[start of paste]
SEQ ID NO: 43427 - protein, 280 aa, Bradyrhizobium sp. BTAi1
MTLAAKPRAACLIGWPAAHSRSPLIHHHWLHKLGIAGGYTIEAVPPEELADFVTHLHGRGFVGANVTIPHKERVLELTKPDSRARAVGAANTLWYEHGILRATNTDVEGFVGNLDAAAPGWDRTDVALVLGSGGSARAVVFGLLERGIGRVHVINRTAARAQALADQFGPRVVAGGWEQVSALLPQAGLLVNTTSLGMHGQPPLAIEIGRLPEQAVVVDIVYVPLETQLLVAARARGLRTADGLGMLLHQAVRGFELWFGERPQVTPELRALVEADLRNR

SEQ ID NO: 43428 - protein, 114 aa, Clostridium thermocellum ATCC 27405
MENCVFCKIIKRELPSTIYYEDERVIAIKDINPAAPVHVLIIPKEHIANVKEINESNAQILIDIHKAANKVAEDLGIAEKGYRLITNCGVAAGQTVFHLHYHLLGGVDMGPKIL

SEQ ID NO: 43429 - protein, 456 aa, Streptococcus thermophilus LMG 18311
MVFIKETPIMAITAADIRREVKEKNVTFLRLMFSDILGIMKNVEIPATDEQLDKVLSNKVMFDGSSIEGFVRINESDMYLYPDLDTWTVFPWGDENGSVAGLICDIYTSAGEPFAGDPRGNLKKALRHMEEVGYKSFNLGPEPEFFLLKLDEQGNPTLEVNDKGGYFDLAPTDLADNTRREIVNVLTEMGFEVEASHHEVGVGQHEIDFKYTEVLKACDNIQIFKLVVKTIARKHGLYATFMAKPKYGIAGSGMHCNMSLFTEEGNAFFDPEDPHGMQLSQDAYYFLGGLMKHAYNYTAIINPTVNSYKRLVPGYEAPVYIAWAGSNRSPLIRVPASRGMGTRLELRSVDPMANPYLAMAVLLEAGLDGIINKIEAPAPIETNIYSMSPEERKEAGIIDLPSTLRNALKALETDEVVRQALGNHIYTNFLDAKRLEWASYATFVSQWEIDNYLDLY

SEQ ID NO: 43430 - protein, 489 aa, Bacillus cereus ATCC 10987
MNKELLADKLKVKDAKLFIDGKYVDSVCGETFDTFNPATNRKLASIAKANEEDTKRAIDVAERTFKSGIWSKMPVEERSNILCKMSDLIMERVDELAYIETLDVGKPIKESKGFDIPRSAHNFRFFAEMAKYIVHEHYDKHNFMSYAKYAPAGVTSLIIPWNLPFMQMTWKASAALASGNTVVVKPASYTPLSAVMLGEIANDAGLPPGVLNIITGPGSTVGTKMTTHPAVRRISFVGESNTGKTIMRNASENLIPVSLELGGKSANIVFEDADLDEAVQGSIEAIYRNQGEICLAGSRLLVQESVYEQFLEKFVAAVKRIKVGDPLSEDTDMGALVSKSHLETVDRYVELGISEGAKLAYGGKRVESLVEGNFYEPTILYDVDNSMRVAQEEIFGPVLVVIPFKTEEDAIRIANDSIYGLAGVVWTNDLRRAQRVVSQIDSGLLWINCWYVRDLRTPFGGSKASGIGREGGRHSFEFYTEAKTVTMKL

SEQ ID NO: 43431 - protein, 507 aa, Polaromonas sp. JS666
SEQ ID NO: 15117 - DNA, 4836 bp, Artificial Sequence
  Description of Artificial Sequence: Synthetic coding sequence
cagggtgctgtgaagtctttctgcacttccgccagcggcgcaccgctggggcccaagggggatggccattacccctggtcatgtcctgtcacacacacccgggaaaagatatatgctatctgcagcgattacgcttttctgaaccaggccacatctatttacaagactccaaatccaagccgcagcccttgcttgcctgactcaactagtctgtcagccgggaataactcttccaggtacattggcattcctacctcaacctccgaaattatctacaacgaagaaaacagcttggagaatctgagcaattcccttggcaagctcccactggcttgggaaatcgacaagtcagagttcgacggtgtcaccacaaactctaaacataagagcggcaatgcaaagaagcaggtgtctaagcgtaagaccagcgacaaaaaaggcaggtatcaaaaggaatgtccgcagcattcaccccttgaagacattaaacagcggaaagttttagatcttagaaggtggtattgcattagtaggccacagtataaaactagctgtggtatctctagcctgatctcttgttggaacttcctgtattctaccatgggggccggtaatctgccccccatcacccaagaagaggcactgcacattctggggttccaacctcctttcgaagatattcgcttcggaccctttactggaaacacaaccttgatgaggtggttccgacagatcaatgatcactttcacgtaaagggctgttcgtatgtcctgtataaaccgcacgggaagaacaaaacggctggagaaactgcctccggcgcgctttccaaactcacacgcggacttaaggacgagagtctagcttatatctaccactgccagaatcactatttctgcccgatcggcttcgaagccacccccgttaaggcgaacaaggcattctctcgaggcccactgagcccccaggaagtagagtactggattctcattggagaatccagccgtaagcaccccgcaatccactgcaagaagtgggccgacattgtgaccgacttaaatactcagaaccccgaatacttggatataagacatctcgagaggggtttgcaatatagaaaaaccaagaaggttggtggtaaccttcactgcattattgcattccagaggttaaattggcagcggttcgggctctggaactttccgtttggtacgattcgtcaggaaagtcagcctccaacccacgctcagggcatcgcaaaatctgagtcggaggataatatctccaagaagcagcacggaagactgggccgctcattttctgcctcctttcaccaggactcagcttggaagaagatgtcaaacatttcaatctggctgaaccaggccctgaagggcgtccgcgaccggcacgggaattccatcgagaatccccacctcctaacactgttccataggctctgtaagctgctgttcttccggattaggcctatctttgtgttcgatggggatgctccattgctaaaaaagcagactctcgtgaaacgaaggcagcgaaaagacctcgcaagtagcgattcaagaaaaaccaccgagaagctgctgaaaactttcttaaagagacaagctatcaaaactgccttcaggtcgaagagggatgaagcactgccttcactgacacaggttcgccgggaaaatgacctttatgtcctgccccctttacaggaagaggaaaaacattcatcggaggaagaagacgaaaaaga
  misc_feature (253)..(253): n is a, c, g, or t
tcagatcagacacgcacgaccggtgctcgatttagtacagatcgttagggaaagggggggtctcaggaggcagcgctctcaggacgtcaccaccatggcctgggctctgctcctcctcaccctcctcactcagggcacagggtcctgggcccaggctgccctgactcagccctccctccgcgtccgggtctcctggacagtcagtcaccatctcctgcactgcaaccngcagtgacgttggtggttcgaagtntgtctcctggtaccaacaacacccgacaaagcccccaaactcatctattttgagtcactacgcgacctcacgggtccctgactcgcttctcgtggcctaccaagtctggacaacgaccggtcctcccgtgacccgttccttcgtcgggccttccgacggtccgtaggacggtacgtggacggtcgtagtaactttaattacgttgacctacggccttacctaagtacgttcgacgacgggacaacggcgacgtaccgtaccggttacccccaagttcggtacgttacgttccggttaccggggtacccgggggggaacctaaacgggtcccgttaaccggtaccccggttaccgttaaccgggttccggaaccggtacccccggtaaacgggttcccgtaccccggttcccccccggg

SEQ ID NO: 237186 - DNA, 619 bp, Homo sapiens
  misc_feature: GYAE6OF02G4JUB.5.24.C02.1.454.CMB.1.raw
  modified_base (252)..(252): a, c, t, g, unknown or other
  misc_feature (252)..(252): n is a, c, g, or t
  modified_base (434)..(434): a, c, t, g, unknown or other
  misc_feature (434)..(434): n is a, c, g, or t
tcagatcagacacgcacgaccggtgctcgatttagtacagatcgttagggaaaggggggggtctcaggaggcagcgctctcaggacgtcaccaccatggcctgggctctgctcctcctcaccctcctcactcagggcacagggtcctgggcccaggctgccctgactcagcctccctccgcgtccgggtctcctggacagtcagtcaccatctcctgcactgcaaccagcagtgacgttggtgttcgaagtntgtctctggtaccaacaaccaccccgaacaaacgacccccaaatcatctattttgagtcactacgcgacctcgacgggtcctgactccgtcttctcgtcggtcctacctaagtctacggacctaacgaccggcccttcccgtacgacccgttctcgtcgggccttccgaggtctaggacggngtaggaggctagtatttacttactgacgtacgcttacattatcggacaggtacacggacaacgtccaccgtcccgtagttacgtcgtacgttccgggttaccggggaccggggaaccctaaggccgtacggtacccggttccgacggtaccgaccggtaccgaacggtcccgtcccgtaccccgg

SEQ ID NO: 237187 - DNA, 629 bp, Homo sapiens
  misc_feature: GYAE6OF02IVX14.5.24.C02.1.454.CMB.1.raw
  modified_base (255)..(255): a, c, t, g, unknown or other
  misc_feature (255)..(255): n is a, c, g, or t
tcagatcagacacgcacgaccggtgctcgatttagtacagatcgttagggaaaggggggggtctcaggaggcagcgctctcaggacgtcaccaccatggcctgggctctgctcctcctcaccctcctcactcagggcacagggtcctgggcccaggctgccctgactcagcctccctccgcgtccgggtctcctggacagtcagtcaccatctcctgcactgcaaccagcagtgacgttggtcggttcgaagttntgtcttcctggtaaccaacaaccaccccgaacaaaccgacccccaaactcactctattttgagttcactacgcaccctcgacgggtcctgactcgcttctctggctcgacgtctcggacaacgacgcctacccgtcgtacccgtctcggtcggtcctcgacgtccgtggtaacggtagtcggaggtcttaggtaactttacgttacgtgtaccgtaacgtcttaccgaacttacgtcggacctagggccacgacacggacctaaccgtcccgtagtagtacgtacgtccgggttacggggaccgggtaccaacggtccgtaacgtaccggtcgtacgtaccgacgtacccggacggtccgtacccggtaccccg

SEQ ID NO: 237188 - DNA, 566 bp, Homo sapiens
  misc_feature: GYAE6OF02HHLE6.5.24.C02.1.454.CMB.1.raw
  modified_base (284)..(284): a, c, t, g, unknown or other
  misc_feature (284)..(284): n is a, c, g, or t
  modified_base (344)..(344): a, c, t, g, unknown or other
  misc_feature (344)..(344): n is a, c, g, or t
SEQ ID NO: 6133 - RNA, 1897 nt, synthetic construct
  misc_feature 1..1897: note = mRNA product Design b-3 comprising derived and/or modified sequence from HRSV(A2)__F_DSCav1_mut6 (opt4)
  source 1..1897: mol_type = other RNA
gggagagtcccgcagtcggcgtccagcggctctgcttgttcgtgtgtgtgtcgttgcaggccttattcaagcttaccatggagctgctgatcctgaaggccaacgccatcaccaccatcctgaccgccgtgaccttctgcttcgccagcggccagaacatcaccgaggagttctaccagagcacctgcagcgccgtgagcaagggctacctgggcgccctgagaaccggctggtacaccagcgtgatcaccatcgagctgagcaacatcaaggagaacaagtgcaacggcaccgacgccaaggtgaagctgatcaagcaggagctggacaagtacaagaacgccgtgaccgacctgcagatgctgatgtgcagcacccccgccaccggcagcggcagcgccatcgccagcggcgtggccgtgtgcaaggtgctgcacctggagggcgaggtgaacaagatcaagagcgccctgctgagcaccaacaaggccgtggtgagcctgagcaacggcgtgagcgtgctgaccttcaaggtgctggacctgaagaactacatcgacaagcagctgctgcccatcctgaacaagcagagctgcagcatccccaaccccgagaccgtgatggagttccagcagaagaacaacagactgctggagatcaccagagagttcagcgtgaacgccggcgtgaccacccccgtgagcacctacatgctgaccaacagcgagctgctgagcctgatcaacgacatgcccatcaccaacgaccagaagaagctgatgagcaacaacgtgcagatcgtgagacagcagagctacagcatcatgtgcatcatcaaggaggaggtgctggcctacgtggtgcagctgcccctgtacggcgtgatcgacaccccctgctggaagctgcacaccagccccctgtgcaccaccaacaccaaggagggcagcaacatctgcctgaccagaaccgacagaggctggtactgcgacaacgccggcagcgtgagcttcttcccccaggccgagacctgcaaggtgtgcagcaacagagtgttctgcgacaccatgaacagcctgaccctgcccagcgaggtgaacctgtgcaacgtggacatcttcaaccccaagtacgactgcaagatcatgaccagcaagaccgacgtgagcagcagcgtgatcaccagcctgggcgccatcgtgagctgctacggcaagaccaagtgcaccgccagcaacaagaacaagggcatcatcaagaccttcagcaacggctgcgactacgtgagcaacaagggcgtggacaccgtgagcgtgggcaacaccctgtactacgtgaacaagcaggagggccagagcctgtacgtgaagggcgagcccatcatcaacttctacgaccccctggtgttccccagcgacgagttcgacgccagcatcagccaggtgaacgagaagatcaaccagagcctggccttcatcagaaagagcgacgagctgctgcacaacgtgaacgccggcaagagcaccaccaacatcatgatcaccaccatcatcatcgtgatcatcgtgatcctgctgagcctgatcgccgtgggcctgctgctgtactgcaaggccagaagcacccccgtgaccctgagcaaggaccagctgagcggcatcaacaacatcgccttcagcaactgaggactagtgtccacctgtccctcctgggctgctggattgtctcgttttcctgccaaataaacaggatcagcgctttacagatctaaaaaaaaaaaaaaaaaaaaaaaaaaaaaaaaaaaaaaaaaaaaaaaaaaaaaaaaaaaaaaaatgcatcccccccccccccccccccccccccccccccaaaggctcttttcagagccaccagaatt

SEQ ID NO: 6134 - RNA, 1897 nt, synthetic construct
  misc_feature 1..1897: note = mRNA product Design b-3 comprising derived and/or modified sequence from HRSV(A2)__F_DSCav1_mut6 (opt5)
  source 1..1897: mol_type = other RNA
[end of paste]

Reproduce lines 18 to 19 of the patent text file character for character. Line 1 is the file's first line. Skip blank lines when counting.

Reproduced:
  misc_feature (252)..(252): n is a, c, g, or t
  modified_base (434)..(434): a, c, t, g, unknown or other